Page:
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WATCH NOW: Come to Taco Town for the tacos, stay for the traditions

WATCH NOW: Come to Taco Town for the tacos, stay for the traditions


After buying Taco Town, Justin Dedic kept the original menu but updated the building

Terry Brown has spent decades eating at Taco Town on an almost daily basis. “Now he’s in the veteran’s home, and I bust him out every week and we come here,” his friend and former neighbor Michelle Wolfley said. “I get something different pretty much every time. He always gets the enchiladas.”

It’s that consistency, the two said, which keeps them coming back. That, and the friendly and quick service, and the reasonable prices, and the fact they’re open at 11 a.m. For Brown, he’s just continuing a tradition he’s had since 1977.

The influence of Taco Town stretches back even further. The restaurant opened in the 1950s, and didn’t move to its current location at 1007 W 27th St. until 1982. It has served generations of Platte Valley residents, including current owners Justin and Jeanna Dedic.

The Dedics were looking to bring one of their favorite Denver restaurants to Scottsbluff when they moved back to the area in 2012.

“We called on a couple of them, but we didn’t have any restaurant experience at the time, didn’t have investors,” Justin Dedic said. “They looked at the size of the community, no interstates or things like that, and they kind of laughed me off the phone. Right after that it came out in the paper that Taco Town was for sale so it became the perfect storm.”

The Dedics were fans of the menu growing up, so when they bought the establishment in 2013, they made very few changes to it. The same could not be said for the restaurant’s design. Within a few months of taking over, they had remodeled both the interior and exterior. They moved the main entrance from the corner of the restaurant to a more central location. They installed arches to naturally draw people to the cashiers. They gave the place a new paint job of bright yellow, purple and red.

“We had some fun with that,” Dedic said. “...Being it’s a restaurant, you can kind of get away with some bolder colors you might not get away with if it’s a house or something.”

Taco Town previously resembled a cafeteria, and their goal was to make it look more like a diner.

This plan included getting a liquor license and installing several televisions. Dedic likes to watch Nebraska Cornhuskers games, and he figured his customers would too. While the restaurant is open from 10:45 a.m. to 9 p.m., people usually visit during lunch rushes and the evenings. Almost half of the customers come through the drive-through.

The business has its staples: enchiladas, fried tacos and tostadas. Many of its more popular items have special discount days. The restaurant’s namesake is 25 cents cheaper on Wednesdays.

“Everyone thinks that they should be on Tuesdays because of Taco Tuesdays, but I think we get that free publicity for it on Tuesdays anyways, so we keep our taco special on Wednesdays,” Dedic said.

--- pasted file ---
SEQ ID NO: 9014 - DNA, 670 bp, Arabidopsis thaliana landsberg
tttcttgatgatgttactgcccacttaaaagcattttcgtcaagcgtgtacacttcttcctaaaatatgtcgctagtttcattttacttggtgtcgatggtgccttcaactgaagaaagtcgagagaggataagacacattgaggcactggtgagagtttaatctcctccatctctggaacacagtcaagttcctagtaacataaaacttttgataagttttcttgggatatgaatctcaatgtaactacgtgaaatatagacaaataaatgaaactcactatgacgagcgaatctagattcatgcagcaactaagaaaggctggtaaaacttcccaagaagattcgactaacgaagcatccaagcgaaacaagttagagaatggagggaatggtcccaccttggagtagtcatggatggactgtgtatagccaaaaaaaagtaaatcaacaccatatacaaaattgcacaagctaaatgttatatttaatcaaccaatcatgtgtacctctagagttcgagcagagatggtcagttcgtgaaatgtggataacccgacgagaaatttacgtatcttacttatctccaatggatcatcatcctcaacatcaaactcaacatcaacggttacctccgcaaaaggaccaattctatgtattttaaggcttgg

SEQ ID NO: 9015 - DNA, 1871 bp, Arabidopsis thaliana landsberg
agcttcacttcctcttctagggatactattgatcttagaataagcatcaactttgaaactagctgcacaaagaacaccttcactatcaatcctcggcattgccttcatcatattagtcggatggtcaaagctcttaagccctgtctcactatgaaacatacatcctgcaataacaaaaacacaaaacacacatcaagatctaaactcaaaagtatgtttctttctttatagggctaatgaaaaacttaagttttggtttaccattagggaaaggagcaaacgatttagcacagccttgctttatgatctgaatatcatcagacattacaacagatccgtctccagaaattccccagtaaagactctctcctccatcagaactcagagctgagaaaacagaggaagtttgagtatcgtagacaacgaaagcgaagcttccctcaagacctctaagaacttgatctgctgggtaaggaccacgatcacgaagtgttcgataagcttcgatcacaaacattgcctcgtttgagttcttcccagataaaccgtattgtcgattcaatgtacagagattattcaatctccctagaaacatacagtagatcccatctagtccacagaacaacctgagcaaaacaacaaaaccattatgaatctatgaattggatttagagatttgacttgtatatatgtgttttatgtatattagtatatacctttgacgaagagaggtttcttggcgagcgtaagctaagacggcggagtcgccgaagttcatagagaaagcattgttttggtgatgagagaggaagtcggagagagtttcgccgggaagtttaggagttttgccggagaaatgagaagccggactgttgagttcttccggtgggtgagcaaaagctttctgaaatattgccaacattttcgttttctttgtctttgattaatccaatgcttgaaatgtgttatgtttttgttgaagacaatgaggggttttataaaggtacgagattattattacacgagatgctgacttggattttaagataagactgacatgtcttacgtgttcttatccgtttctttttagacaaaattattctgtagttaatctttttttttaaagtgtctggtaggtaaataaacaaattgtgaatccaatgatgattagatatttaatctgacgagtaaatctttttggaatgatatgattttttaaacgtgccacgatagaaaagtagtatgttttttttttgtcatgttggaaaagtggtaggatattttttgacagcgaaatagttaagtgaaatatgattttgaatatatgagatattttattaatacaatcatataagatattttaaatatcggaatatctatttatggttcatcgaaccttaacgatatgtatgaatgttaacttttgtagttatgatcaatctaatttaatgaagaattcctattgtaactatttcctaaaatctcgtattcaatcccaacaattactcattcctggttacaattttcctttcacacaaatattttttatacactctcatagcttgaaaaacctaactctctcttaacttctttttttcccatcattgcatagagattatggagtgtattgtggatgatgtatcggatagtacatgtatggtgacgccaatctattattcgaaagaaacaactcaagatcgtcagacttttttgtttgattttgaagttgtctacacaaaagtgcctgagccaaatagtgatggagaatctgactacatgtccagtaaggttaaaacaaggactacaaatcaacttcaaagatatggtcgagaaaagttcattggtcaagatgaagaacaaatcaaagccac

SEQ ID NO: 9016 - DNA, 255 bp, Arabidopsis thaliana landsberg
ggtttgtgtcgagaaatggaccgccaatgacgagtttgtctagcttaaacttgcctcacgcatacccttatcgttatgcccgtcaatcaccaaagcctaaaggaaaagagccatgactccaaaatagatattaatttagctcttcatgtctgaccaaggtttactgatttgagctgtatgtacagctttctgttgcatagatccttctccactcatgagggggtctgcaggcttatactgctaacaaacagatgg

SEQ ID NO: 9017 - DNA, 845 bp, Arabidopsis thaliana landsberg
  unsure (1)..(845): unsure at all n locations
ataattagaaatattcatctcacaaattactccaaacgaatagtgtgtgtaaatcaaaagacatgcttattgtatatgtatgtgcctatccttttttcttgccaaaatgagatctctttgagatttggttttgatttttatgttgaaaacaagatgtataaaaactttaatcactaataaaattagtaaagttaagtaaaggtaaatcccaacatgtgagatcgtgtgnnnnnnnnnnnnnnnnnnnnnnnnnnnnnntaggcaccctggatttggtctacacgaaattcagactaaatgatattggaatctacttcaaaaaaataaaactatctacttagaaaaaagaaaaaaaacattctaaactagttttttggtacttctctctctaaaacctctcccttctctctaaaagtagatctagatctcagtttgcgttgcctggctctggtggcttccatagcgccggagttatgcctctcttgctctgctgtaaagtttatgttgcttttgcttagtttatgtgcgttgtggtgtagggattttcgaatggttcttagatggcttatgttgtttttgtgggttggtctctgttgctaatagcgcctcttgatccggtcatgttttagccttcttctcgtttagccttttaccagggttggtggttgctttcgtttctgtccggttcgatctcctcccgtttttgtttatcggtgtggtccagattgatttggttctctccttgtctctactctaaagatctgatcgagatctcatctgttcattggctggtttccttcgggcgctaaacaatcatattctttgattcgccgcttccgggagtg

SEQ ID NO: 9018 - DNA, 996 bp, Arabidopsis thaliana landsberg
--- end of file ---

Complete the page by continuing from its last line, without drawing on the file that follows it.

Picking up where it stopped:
The Tuesday slot is instead taken by taco salads. Other discounted items include tostadas on Thursday, the combination plate on Friday and super taco salads with rice and beans on Saturday. Taco Town is closed on Sundays.

For a while, it was closed even longer. In May 2020, a Taco Town employee tested positive for the coronavirus. The entire staff went into quarantine, but nobody else wound up with any symptoms. However, it was the first time many people in Scottsbluff had specifically known of someone catching the virus.

The restaurant was shuttered for nearly two weeks. Dedic credited the restaurant’s loyal customers with ensuring Taco Town stayed afloat after its temporary shutdown.

“That’s the advantage of being here since the ‘50s,” he said. “We have a strong soon as we opened our doors, people came flooding back.”

Many diners have eaten at Taco Town for just as long as Dedic. Some have dined there for even longer. Over the decades, people have made it a tradition.

“You come to know who they are, what their orders are,” he said.

Like Brown and his enchiladas, or the woman who always orders a taco and Diet Dr. Pepper from the drive-through. Then there are the family gatherings, or wedding rehearsal dinners, or celebrations of life. People commonly stop by or order takeout for extended families.

“I’ve had grandparents say, a little bit upset, ‘You got to see our grandkids before we did‘ because when they come into town, they stop here to eat before they go to their grandparents’ house,” Dedic said.

Just like he and his family did when they lived in Denver, people often stop by whenever they come from out of town. On Fridays, Dedic said he likes to stay until closing and listen to what these customers have to say.

“Everyone has a story,” he said. “Everyone likes to share it and we always like to hear about it.”


The combination plate, which includes a taco, enchilada and tostada. The meal is discounted on Fridays.

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Christopher Borro is a reporter at the Star-Herald. He can be reached at email at

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